I mentioned that I have been through this type of policy change when I originally sold my crafts on eBay and having been through the policy change and seeking my own path through it, I can tell you that there are options out there for you… you just need to make some considerations. Let me talk you through what I can see as a next step for you;

  • Decide about offering a free shipping guarantee – before you rush into making a decision based on the email you got from Etsy, I think it is worth spending some time with your products and costings to understand what your options really are;

    • Can you afford to absorb costs, or partially absorb costs based on a minimum order value of $35 USD?

    • How will a change in shipping on Etsy affect your customers elsewhere?

    • Will raising prices to include shipping per item breach your customers’ ‘ceiling limit’?

    • What are your competitors trying?

    • Ask your customers for feedback – ask them on social, or in your private groups, newsletters and face to face at shows. What do they think of a shipping change? How do they currently prefer to shop and pay for shipping?

    • Work out your strategy – spend some time considering how to implement a trial before you go ahead so that you have thought of every angle.

  • Trialing a free shipping guarantee

    • Remember to use the ‘free shipping guarantee tool’ – because otherwise listings that offer free shipping, shipping sales, or coupons off shipping will not be included in the new search boost (according to Etsy). This tool may well mark your entire shop as part of this offer, so…

    • Make your trial small to start – offer free shipping on a small number of best-selling items, even if that means scaling down your shop to start the trial in order to turn on the free shipping tool and benefit from the SEO boost.

    • Ask your customers for feedback – seek out customer feedback on your trial. Did it work for them? Was the offer of free shipping, but raising RRPs workable for customers?

  • Using marketing to combat SEO disadvantages of not offering free shipping – When a policy is introduced by platforms that infers compliance gives SEO advantages and non-compliance means disadvantage in SEO, then you must consider how you drive traffic to your shop. It is not ok, nor has it ever been to rely solely on traffic driven to your shop by a platform… you MUST market your shop! When you do this effectively you will soon find that any SEO disadvantages pale in comparison to the traffic you personally draw in.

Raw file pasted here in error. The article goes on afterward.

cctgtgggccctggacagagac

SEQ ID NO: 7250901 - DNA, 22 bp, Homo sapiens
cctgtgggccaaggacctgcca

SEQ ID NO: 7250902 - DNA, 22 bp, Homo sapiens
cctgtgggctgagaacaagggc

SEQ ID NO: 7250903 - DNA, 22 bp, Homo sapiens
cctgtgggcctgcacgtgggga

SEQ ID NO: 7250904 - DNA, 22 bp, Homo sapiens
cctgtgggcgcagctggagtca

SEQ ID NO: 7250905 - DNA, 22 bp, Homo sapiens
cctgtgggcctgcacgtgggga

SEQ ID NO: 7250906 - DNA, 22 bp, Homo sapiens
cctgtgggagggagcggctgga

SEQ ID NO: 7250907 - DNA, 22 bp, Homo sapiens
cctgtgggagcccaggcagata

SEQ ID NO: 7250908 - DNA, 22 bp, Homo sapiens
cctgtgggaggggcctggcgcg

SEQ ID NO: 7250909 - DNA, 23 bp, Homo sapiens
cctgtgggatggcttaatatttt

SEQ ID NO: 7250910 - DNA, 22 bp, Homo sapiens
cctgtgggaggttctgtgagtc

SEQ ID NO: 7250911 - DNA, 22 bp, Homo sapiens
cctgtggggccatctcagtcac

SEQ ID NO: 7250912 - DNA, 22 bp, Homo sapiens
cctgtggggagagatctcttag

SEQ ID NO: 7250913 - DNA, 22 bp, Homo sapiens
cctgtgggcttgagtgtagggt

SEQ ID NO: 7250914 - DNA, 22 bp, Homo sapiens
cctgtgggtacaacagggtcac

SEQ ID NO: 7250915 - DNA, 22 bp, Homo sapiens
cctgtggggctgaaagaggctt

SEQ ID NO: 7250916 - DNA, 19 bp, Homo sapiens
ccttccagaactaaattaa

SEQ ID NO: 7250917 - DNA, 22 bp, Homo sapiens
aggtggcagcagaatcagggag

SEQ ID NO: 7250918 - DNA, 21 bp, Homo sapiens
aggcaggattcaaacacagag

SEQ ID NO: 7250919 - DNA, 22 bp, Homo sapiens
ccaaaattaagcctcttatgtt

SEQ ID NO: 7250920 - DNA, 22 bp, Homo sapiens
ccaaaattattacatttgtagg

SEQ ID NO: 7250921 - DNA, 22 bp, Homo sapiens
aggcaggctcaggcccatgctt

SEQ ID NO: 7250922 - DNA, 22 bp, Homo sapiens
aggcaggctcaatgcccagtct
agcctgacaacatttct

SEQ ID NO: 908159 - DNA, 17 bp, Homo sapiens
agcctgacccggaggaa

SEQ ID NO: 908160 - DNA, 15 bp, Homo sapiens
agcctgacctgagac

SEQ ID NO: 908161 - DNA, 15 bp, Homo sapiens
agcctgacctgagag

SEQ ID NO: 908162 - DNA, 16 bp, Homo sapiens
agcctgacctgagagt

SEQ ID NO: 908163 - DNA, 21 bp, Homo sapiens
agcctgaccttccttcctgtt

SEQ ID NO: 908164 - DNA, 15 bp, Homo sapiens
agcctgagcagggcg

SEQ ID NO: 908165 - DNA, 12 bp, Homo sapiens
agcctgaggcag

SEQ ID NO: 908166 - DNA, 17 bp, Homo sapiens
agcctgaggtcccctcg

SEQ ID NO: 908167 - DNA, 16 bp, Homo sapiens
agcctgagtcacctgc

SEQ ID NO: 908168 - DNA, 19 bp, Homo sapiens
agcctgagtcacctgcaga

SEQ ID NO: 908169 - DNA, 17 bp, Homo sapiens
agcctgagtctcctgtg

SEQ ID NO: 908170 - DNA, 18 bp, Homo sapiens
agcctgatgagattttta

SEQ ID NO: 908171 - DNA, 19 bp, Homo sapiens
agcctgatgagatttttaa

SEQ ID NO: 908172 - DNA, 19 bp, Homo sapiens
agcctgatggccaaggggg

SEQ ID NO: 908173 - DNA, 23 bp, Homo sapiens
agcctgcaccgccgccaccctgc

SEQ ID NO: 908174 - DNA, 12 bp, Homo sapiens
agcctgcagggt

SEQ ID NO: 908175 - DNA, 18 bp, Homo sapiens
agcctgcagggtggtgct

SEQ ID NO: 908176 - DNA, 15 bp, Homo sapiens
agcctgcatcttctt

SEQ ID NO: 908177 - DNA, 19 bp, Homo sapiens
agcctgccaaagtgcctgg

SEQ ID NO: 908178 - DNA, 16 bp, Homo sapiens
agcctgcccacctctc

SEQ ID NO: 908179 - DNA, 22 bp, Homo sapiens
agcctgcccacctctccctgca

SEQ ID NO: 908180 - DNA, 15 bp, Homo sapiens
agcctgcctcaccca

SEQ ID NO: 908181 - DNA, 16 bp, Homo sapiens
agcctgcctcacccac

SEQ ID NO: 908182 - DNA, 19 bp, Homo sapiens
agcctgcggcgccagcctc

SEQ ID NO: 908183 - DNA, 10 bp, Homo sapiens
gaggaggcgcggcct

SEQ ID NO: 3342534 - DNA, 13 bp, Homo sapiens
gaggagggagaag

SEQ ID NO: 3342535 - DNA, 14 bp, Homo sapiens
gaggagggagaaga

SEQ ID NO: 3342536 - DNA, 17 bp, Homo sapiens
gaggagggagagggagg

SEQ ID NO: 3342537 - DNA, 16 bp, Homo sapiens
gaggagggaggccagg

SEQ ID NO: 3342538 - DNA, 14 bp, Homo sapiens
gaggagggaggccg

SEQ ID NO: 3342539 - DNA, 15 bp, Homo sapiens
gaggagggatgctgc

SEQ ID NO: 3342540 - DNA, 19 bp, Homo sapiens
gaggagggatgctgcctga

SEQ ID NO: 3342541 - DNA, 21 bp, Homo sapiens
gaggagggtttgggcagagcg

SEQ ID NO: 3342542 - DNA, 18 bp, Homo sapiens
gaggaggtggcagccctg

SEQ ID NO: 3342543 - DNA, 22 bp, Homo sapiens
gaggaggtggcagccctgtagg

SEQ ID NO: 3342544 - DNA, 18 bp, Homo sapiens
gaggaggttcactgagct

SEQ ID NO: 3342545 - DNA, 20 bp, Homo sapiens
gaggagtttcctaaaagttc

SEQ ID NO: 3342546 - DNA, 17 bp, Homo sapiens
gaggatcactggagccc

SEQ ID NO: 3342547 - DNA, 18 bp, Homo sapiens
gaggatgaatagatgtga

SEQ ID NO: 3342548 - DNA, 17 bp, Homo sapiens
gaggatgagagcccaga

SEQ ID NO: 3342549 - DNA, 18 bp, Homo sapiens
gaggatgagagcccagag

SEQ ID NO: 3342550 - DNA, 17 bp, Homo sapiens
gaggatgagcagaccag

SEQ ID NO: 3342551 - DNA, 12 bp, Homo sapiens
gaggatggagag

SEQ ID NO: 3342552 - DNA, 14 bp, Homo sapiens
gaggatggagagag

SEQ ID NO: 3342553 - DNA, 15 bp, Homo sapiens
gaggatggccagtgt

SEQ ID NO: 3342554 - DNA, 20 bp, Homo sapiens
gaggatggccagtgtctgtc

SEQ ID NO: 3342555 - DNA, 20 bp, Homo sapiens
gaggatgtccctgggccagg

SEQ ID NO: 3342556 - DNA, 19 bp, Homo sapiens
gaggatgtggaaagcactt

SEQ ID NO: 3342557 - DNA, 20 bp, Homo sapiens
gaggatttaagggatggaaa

• Learning that you don’t have to offer free shipping – At the moment the new policy has not been rolled out across the board and even when it is, it has not been discussed whether this may ever become a compulsory requirement. My thoughts are that it won’t be. If you have worked through your finances and realise that this is something you cannot offer, then it is ok not to offer it!

  • Spread your online retail offer – Having started on eBay I quickly learnt that tying my business up to one platform meant that my online business lived or died with that platform. Spreading my offer across other platforms and my own website allowed me to move some of my business eggs from one basket to several. This allowed me to make decisions on new policies like this based on what was right for my business, not on just remaining to be ‘seen’ on one platform.

  • Seek alternatives to Etsy – Etsy has changed in the last 14 years I have been selling on the site, dramatically so and it will continue to do so. As it moves into a new dawn of e-retailing, I must ask myself if my values and hopes as a business owner are being as fulfilled as I hoped they would be. Learning about and trialling shops with alternative platforms is never a bad thing. Here are some alternatives I have looked at here on the blog;



Whilst the new free shipping guarantee has posed lots of questions for sellers, some of which we may not be able to answer fully until the trial period is over, I do believe that there are opportunities for handmade businesses who wish to remain on Etsy and do well. So, take some time to work on what your strategy is, engage with your customers to let them know what you are changing and why and then implement what is right for you.

Tell me; What are your thoughts on the new Etsy policy? How do you see it affecting your business? I’d love to hear from you – comment below 👇 or email me!